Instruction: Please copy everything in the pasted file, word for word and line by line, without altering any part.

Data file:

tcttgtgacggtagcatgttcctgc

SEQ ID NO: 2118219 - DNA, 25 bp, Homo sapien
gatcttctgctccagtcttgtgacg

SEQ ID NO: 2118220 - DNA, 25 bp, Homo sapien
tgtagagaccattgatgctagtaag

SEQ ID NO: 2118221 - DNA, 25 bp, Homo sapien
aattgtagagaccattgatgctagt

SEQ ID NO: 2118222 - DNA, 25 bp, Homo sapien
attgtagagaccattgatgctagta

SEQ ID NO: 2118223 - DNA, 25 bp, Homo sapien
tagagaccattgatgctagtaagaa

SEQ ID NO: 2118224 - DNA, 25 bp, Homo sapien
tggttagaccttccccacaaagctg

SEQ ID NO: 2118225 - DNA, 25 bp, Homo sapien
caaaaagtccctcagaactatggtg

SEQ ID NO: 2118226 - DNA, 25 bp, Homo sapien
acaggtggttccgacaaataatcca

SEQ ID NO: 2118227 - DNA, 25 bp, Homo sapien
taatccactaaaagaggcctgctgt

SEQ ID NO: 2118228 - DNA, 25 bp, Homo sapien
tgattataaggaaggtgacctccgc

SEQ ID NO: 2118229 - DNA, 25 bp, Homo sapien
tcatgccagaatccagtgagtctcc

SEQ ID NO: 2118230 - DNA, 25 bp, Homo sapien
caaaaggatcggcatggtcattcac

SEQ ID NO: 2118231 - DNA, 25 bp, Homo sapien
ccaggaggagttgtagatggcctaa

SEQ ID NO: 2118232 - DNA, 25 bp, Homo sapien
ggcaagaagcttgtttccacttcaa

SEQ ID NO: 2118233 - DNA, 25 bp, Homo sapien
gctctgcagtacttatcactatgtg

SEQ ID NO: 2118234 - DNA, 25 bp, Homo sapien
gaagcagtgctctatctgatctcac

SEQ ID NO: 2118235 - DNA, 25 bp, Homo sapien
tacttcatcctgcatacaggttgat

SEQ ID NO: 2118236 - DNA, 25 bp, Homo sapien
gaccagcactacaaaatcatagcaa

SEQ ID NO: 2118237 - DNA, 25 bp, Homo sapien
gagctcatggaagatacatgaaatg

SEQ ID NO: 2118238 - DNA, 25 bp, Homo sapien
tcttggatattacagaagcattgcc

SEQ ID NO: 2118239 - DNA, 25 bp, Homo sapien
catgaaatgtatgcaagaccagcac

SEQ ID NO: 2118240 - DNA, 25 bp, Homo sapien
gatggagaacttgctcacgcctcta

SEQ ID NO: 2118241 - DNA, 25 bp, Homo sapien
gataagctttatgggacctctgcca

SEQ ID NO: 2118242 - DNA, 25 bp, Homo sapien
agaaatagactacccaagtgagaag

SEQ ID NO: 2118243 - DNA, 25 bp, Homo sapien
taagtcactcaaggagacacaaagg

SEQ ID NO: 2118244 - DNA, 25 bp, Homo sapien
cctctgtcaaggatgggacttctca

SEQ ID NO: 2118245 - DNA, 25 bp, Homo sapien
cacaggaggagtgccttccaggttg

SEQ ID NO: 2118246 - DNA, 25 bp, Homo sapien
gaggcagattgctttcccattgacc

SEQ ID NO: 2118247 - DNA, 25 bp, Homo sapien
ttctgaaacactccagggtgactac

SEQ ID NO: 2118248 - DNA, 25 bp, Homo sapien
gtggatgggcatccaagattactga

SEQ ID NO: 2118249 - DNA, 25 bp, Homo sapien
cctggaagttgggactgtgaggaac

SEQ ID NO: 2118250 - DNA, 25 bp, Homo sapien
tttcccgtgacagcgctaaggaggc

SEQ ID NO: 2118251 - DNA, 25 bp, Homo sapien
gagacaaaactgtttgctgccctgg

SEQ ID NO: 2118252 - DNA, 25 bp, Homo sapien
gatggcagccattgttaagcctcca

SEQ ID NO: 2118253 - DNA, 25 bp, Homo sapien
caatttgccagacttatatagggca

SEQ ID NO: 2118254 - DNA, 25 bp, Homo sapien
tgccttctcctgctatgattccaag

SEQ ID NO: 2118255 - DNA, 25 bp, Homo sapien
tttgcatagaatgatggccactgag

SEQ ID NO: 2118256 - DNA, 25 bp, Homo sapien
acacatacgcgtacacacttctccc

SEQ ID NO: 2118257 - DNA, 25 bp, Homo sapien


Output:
tcttgtgacggtagcatgttcctgc

SEQ ID NO: 2118219 - DNA, 25 bp, Homo sapien
gatcttctgctccagtcttgtgacg

SEQ ID NO: 2118220 - DNA, 25 bp, Homo sapien
tgtagagaccattgatgctagtaag

SEQ ID NO: 2118221 - DNA, 25 bp, Homo sapien
aattgtagagaccattgatgctagt

SEQ ID NO: 2118222 - DNA, 25 bp, Homo sapien
attgtagagaccattgatgctagta

SEQ ID NO: 2118223 - DNA, 25 bp, Homo sapien
tagagaccattgatgctagtaagaa

SEQ ID NO: 2118224 - DNA, 25 bp, Homo sapien
tggttagaccttccccacaaagctg

SEQ ID NO: 2118225 - DNA, 25 bp, Homo sapien
caaaaagtccctcagaactatggtg

SEQ ID NO: 2118226 - DNA, 25 bp, Homo sapien
acaggtggttccgacaaataatcca

SEQ ID NO: 2118227 - DNA, 25 bp, Homo sapien
taatccactaaaagaggcctgctgt

SEQ ID NO: 2118228 - DNA, 25 bp, Homo sapien
tgattataaggaaggtgacctccgc

SEQ ID NO: 2118229 - DNA, 25 bp, Homo sapien
tcatgccagaatccagtgagtctcc

SEQ ID NO: 2118230 - DNA, 25 bp, Homo sapien
caaaaggatcggcatggtcattcac

SEQ ID NO: 2118231 - DNA, 25 bp, Homo sapien
ccaggaggagttgtagatggcctaa

SEQ ID NO: 2118232 - DNA, 25 bp, Homo sapien
ggcaagaagcttgtttccacttcaa

SEQ ID NO: 2118233 - DNA, 25 bp, Homo sapien
gctctgcagtacttatcactatgtg

SEQ ID NO: 2118234 - DNA, 25 bp, Homo sapien
gaagcagtgctctatctgatctcac

SEQ ID NO: 2118235 - DNA, 25 bp, Homo sapien
tacttcatcctgcatacaggttgat

SEQ ID NO: 2118236 - DNA, 25 bp, Homo sapien
gaccagcactacaaaatcatagcaa

SEQ ID NO: 2118237 - DNA, 25 bp, Homo sapien
gagctcatggaagatacatgaaatg

SEQ ID NO: 2118238 - DNA, 25 bp, Homo sapien
tcttggatattacagaagcattgcc

SEQ ID NO: 2118239 - DNA, 25 bp, Homo sapien
catgaaatgtatgcaagaccagcac

SEQ ID NO: 2118240 - DNA, 25 bp, Homo sapien
gatggagaacttgctcacgcctcta

SEQ ID NO: 2118241 - DNA, 25 bp, Homo sapien
gataagctttatgggacctctgcca

SEQ ID NO: 2118242 - DNA, 25 bp, Homo sapien
agaaatagactacccaagtgagaag

SEQ ID NO: 2118243 - DNA, 25 bp, Homo sapien
taagtcactcaaggagacacaaagg

SEQ ID NO: 2118244 - DNA, 25 bp, Homo sapien
cctctgtcaaggatgggacttctca

SEQ ID NO: 2118245 - DNA, 25 bp, Homo sapien
cacaggaggagtgccttccaggttg

SEQ ID NO: 2118246 - DNA, 25 bp, Homo sapien
gaggcagattgctttcccattgacc

SEQ ID NO: 2118247 - DNA, 25 bp, Homo sapien
ttctgaaacactccagggtgactac

SEQ ID NO: 2118248 - DNA, 25 bp, Homo sapien
gtggatgggcatccaagattactga

SEQ ID NO: 2118249 - DNA, 25 bp, Homo sapien
cctggaagttgggactgtgaggaac

SEQ ID NO: 2118250 - DNA, 25 bp, Homo sapien
tttcccgtgacagcgctaaggaggc

SEQ ID NO: 2118251 - DNA, 25 bp, Homo sapien
gagacaaaactgtttgctgccctgg

SEQ ID NO: 2118252 - DNA, 25 bp, Homo sapien
gatggcagccattgttaagcctcca

SEQ ID NO: 2118253 - DNA, 25 bp, Homo sapien
caatttgccagacttatatagggca

SEQ ID NO: 2118254 - DNA, 25 bp, Homo sapien
tgccttctcctgctatgattccaag

SEQ ID NO: 2118255 - DNA, 25 bp, Homo sapien
tttgcatagaatgatggccactgag

SEQ ID NO: 2118256 - DNA, 25 bp, Homo sapien
acacatacgcgtacacacttctccc

SEQ ID NO: 2118257 - DNA, 25 bp, Homo sapien